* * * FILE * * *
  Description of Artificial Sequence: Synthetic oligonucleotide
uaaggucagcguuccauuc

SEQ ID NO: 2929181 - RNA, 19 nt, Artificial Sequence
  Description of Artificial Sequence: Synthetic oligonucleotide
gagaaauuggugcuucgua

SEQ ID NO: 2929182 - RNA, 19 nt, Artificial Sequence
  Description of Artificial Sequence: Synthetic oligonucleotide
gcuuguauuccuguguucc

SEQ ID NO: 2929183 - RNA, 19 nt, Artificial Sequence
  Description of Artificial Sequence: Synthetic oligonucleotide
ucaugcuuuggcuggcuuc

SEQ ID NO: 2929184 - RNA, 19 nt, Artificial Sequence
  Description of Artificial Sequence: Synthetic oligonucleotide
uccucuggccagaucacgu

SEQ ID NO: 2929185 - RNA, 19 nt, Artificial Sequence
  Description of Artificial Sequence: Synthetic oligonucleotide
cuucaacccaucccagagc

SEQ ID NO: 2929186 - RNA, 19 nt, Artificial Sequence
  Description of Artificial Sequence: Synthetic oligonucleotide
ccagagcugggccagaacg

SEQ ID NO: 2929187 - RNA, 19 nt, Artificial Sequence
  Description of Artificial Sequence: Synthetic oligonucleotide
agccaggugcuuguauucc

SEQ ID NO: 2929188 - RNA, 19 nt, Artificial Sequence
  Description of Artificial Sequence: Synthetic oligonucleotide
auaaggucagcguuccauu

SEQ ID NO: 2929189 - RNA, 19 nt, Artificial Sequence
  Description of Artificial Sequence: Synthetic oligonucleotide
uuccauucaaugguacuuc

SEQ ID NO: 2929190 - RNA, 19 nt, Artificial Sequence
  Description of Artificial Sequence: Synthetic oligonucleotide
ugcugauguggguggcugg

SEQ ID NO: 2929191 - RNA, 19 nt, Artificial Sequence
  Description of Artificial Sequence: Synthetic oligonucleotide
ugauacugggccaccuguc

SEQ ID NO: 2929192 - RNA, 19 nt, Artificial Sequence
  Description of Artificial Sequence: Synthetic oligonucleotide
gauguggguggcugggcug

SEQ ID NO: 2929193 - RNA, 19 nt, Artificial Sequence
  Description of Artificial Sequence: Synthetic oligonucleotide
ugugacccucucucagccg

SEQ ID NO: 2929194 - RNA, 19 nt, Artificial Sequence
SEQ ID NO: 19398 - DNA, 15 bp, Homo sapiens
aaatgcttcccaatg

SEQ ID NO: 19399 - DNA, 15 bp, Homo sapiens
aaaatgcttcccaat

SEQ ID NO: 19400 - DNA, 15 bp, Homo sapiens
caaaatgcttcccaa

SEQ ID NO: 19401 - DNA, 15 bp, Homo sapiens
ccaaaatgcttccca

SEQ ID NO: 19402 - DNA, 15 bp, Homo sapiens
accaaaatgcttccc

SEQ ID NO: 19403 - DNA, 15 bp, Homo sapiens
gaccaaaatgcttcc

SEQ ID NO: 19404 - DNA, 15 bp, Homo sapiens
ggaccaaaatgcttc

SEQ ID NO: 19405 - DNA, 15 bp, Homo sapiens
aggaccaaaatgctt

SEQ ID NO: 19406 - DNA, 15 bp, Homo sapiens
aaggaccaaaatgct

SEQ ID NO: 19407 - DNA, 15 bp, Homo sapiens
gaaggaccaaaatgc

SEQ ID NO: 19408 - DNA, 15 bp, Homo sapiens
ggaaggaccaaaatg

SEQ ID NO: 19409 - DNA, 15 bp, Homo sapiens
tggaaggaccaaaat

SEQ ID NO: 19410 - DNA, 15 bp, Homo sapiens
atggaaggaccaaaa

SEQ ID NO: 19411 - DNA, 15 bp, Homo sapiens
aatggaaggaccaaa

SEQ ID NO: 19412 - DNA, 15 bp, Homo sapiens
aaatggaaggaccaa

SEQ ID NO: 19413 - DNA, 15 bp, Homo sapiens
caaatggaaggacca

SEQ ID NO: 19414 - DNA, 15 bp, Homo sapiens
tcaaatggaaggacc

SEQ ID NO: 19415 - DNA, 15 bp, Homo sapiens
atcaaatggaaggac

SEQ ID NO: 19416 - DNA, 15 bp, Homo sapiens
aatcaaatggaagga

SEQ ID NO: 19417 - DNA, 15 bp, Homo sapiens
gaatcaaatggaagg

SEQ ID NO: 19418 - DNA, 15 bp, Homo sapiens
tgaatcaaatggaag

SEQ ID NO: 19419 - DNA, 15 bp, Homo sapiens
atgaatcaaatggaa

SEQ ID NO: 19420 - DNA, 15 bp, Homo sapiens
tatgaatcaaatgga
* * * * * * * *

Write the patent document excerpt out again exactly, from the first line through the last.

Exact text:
  Description of Artificial Sequence: Synthetic oligonucleotide
uaaggucagcguuccauuc

SEQ ID NO: 2929181 - RNA, 19 nt, Artificial Sequence
  Description of Artificial Sequence: Synthetic oligonucleotide
gagaaauuggugcuucgua

SEQ ID NO: 2929182 - RNA, 19 nt, Artificial Sequence
  Description of Artificial Sequence: Synthetic oligonucleotide
gcuuguauuccuguguucc

SEQ ID NO: 2929183 - RNA, 19 nt, Artificial Sequence
  Description of Artificial Sequence: Synthetic oligonucleotide
ucaugcuuuggcuggcuuc

SEQ ID NO: 2929184 - RNA, 19 nt, Artificial Sequence
  Description of Artificial Sequence: Synthetic oligonucleotide
uccucuggccagaucacgu

SEQ ID NO: 2929185 - RNA, 19 nt, Artificial Sequence
  Description of Artificial Sequence: Synthetic oligonucleotide
cuucaacccaucccagagc

SEQ ID NO: 2929186 - RNA, 19 nt, Artificial Sequence
  Description of Artificial Sequence: Synthetic oligonucleotide
ccagagcugggccagaacg

SEQ ID NO: 2929187 - RNA, 19 nt, Artificial Sequence
  Description of Artificial Sequence: Synthetic oligonucleotide
agccaggugcuuguauucc

SEQ ID NO: 2929188 - RNA, 19 nt, Artificial Sequence
  Description of Artificial Sequence: Synthetic oligonucleotide
auaaggucagcguuccauu

SEQ ID NO: 2929189 - RNA, 19 nt, Artificial Sequence
  Description of Artificial Sequence: Synthetic oligonucleotide
uuccauucaaugguacuuc

SEQ ID NO: 2929190 - RNA, 19 nt, Artificial Sequence
  Description of Artificial Sequence: Synthetic oligonucleotide
ugcugauguggguggcugg

SEQ ID NO: 2929191 - RNA, 19 nt, Artificial Sequence
  Description of Artificial Sequence: Synthetic oligonucleotide
ugauacugggccaccuguc

SEQ ID NO: 2929192 - RNA, 19 nt, Artificial Sequence
  Description of Artificial Sequence: Synthetic oligonucleotide
gauguggguggcugggcug

SEQ ID NO: 2929193 - RNA, 19 nt, Artificial Sequence
  Description of Artificial Sequence: Synthetic oligonucleotide
ugugacccucucucagccg

SEQ ID NO: 2929194 - RNA, 19 nt, Artificial Sequence
SEQ ID NO: 19398 - DNA, 15 bp, Homo sapiens
aaatgcttcccaatg

SEQ ID NO: 19399 - DNA, 15 bp, Homo sapiens
aaaatgcttcccaat

SEQ ID NO: 19400 - DNA, 15 bp, Homo sapiens
caaaatgcttcccaa

SEQ ID NO: 19401 - DNA, 15 bp, Homo sapiens
ccaaaatgcttccca

SEQ ID NO: 19402 - DNA, 15 bp, Homo sapiens
accaaaatgcttccc

SEQ ID NO: 19403 - DNA, 15 bp, Homo sapiens
gaccaaaatgcttcc

SEQ ID NO: 19404 - DNA, 15 bp, Homo sapiens
ggaccaaaatgcttc

SEQ ID NO: 19405 - DNA, 15 bp, Homo sapiens
aggaccaaaatgctt

SEQ ID NO: 19406 - DNA, 15 bp, Homo sapiens
aaggaccaaaatgct

SEQ ID NO: 19407 - DNA, 15 bp, Homo sapiens
gaaggaccaaaatgc

SEQ ID NO: 19408 - DNA, 15 bp, Homo sapiens
ggaaggaccaaaatg

SEQ ID NO: 19409 - DNA, 15 bp, Homo sapiens
tggaaggaccaaaat

SEQ ID NO: 19410 - DNA, 15 bp, Homo sapiens
atggaaggaccaaaa

SEQ ID NO: 19411 - DNA, 15 bp, Homo sapiens
aatggaaggaccaaa

SEQ ID NO: 19412 - DNA, 15 bp, Homo sapiens
aaatggaaggaccaa

SEQ ID NO: 19413 - DNA, 15 bp, Homo sapiens
caaatggaaggacca

SEQ ID NO: 19414 - DNA, 15 bp, Homo sapiens
tcaaatggaaggacc

SEQ ID NO: 19415 - DNA, 15 bp, Homo sapiens
atcaaatggaaggac

SEQ ID NO: 19416 - DNA, 15 bp, Homo sapiens
aatcaaatggaagga

SEQ ID NO: 19417 - DNA, 15 bp, Homo sapiens
gaatcaaatggaagg

SEQ ID NO: 19418 - DNA, 15 bp, Homo sapiens
tgaatcaaatggaag

SEQ ID NO: 19419 - DNA, 15 bp, Homo sapiens
atgaatcaaatggaa

SEQ ID NO: 19420 - DNA, 15 bp, Homo sapiens
tatgaatcaaatgga